A suicidally disillusioned liberal politician puts a contract out on himself and takes the opportunity to be bluntly honest with his voters by affecting the rhythms and speech of hip-hop music and culture.
Porter Stoddard is a well-known New York architect who is at a crossroads... a nexus where twists and turns lead to myriad missteps some with his wife Ellie, others with longtime friends ... See full summary »
Two terrible lounge singers get booked to play a gig in a Moroccan hotel but somehow become pawns in an international power play between the CIA, the Emir of Ishtar, and the rebels trying to overthrow his regime.
An ambitious reporter gets in way-over-his-head trouble while investigating a senator's assassination which leads to a vast conspiracy involving a multinational corporation behind every event in the worlds headlines.
Alan J. Pakula
A mix of hip-hop and politics, after putting a hit out on himself Senator Bulworth becomes a MCing politician akin to a west African griot who isn't afraid to say anything he wants and can offend anyone he wants. Written by
Bulworth (They Talk About It While We Live It)
Written by Larry Muggerud (as L. Muggerud), Kam (as C. Miller), KRS-One (as C. Parker), Prodigy (as A. Johnson), Method Man (as C. Smith)
Performed by Kam (as KAM), Method Man, Prodigy, KRS-One
Produced by Larry Muggerud (as MUGGS) for Soul Assassins, Inc.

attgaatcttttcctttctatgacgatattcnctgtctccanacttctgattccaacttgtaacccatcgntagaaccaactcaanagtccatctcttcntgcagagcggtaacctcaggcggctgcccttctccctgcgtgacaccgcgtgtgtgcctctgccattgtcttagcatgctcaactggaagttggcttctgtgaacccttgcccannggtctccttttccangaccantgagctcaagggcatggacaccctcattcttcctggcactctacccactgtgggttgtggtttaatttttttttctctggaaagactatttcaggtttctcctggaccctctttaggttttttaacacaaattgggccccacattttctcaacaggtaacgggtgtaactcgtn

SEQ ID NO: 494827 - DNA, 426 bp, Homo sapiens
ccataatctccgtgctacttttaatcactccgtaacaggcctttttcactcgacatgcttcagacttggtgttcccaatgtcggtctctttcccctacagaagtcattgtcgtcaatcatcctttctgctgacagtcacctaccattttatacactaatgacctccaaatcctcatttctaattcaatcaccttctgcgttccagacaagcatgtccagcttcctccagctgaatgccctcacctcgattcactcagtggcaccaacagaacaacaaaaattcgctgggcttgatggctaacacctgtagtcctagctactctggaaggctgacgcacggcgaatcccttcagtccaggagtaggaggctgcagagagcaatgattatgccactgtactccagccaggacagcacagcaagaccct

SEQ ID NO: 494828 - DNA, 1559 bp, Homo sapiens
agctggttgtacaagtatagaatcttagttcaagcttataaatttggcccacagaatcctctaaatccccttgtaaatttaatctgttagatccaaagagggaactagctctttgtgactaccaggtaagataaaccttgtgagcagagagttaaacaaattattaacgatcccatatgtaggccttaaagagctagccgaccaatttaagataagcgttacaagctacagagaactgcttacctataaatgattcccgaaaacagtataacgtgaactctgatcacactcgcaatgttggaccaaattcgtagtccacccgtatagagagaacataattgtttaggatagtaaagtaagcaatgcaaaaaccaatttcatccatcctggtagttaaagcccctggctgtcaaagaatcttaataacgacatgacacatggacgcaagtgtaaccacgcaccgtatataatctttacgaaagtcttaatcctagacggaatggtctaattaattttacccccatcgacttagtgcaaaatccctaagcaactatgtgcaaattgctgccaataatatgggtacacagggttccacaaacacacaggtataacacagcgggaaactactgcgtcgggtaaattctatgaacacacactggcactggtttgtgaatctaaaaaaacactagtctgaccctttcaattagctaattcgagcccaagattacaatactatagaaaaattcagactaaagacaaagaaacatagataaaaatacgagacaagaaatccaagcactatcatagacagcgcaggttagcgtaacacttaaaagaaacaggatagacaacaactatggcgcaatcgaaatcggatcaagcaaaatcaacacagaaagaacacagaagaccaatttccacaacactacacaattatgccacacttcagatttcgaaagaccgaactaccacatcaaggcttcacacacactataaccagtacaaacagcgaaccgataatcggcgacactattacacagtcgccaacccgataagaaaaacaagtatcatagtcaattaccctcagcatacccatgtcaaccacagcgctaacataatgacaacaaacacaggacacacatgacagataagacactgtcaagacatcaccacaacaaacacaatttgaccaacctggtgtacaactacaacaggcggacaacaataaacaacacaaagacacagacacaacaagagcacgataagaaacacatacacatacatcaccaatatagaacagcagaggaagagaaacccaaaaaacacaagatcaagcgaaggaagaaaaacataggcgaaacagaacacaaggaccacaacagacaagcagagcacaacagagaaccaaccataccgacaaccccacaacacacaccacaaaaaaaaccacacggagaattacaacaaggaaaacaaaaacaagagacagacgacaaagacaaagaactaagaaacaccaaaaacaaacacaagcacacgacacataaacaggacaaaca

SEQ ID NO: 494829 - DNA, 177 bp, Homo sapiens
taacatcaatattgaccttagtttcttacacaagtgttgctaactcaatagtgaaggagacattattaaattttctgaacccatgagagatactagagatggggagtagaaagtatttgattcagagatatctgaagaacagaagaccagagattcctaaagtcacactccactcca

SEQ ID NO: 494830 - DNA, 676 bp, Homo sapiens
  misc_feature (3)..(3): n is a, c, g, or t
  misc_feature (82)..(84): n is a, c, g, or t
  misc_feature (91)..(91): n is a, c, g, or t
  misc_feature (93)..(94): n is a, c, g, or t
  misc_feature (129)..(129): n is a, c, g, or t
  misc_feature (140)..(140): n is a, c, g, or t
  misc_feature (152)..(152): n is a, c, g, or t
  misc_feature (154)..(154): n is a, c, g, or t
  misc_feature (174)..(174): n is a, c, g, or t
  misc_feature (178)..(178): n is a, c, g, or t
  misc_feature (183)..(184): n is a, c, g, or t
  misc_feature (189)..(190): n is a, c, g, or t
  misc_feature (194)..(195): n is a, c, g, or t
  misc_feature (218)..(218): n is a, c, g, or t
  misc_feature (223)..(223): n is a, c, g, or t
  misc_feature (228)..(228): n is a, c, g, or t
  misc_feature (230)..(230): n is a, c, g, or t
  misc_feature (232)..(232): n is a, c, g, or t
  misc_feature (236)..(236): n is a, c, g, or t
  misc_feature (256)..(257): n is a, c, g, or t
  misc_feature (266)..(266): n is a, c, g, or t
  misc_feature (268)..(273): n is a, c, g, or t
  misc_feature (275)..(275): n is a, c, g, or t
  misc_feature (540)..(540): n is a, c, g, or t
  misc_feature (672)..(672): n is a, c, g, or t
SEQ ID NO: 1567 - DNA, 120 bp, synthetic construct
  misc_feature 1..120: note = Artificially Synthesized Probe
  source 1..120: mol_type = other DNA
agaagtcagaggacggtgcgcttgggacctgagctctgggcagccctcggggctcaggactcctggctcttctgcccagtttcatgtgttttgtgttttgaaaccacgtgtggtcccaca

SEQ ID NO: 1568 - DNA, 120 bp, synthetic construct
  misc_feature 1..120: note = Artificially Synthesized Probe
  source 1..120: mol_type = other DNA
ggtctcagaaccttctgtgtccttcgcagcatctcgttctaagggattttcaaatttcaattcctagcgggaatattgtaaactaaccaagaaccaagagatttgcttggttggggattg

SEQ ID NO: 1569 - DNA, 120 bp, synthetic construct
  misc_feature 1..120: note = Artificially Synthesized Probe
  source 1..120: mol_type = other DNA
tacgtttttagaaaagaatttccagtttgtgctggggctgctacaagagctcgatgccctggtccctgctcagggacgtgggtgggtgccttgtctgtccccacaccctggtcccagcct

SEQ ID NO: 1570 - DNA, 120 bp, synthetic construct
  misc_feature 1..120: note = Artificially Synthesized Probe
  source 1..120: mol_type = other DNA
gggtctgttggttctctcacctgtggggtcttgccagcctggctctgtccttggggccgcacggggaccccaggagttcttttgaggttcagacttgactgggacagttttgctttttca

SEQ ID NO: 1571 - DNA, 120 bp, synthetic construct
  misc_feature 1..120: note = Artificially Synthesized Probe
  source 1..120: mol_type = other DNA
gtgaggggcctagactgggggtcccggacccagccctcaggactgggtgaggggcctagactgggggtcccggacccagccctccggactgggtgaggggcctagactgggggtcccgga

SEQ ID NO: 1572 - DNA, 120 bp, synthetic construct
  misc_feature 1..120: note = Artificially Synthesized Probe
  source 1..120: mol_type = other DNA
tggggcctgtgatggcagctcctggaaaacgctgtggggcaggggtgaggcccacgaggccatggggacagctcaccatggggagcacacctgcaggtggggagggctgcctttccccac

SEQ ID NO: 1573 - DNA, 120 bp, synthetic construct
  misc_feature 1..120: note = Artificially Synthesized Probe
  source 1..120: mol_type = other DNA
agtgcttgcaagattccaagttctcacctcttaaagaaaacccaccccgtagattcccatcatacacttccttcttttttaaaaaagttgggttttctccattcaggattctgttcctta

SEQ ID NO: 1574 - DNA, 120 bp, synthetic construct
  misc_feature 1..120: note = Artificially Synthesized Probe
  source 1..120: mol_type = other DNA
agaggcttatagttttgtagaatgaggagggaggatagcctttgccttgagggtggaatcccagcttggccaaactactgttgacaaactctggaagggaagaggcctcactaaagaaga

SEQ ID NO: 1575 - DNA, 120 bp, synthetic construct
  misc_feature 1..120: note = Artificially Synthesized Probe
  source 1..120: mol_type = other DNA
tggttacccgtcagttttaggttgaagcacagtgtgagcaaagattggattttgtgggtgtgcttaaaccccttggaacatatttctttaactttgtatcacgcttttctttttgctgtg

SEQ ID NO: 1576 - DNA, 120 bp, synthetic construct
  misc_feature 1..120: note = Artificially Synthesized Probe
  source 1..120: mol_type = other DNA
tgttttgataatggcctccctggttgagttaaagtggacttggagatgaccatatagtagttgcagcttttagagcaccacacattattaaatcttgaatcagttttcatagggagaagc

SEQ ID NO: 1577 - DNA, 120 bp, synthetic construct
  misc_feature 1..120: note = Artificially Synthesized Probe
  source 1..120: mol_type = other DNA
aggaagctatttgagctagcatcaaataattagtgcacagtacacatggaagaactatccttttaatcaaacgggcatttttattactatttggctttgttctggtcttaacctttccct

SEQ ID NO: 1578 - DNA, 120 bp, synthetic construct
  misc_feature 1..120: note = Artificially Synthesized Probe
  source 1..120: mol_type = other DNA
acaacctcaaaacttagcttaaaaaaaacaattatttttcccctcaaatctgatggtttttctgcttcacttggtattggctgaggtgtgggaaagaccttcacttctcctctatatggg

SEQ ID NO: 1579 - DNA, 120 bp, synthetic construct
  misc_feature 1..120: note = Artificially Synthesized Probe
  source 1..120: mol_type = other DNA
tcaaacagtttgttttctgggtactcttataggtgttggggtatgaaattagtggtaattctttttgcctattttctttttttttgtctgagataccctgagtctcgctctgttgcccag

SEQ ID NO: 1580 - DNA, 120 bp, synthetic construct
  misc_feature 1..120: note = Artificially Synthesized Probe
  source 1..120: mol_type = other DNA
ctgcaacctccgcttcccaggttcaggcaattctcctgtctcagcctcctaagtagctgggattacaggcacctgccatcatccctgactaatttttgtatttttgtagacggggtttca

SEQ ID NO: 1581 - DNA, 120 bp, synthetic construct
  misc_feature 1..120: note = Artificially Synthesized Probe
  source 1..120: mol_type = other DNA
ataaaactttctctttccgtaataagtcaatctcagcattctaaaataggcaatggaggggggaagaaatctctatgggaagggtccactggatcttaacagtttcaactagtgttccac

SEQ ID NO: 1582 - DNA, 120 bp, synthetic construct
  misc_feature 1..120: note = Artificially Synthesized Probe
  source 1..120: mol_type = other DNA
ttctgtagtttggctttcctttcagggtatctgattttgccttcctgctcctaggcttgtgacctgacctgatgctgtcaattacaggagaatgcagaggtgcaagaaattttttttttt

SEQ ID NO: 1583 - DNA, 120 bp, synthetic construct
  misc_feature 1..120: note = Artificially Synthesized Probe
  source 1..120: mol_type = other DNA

KAM appears courtesy of Royal Entertainment/University Records/Interscope
Method Man appears courtesy of Def Jam Records
Prodigy appears courtesy of Loud Records
KRS-One appears courtesy of Jive Records See more »
Other than a few forced silly moments, this is the sharpest, darkest, bravest. most disturbing political satire out of Hollywood since "Network".
This is Beatty's career best performance by far, making his rapidly breaking down liberal Democrat Senator into a character simultaneously howlingly funny, pitiable, admirable, wince inducing, pathetic and horrifying.
Beatty has made a film that walks the razor's edge right along with it's lead character, playing into deliberately provoking racial and cultural stereotypes at the same time it shreds them.
This isn't a polite "the system needs fixing" movie, it's an in-your-face scream that the system is broken, perhaps beyond all repair. That idea seems only more timely now.
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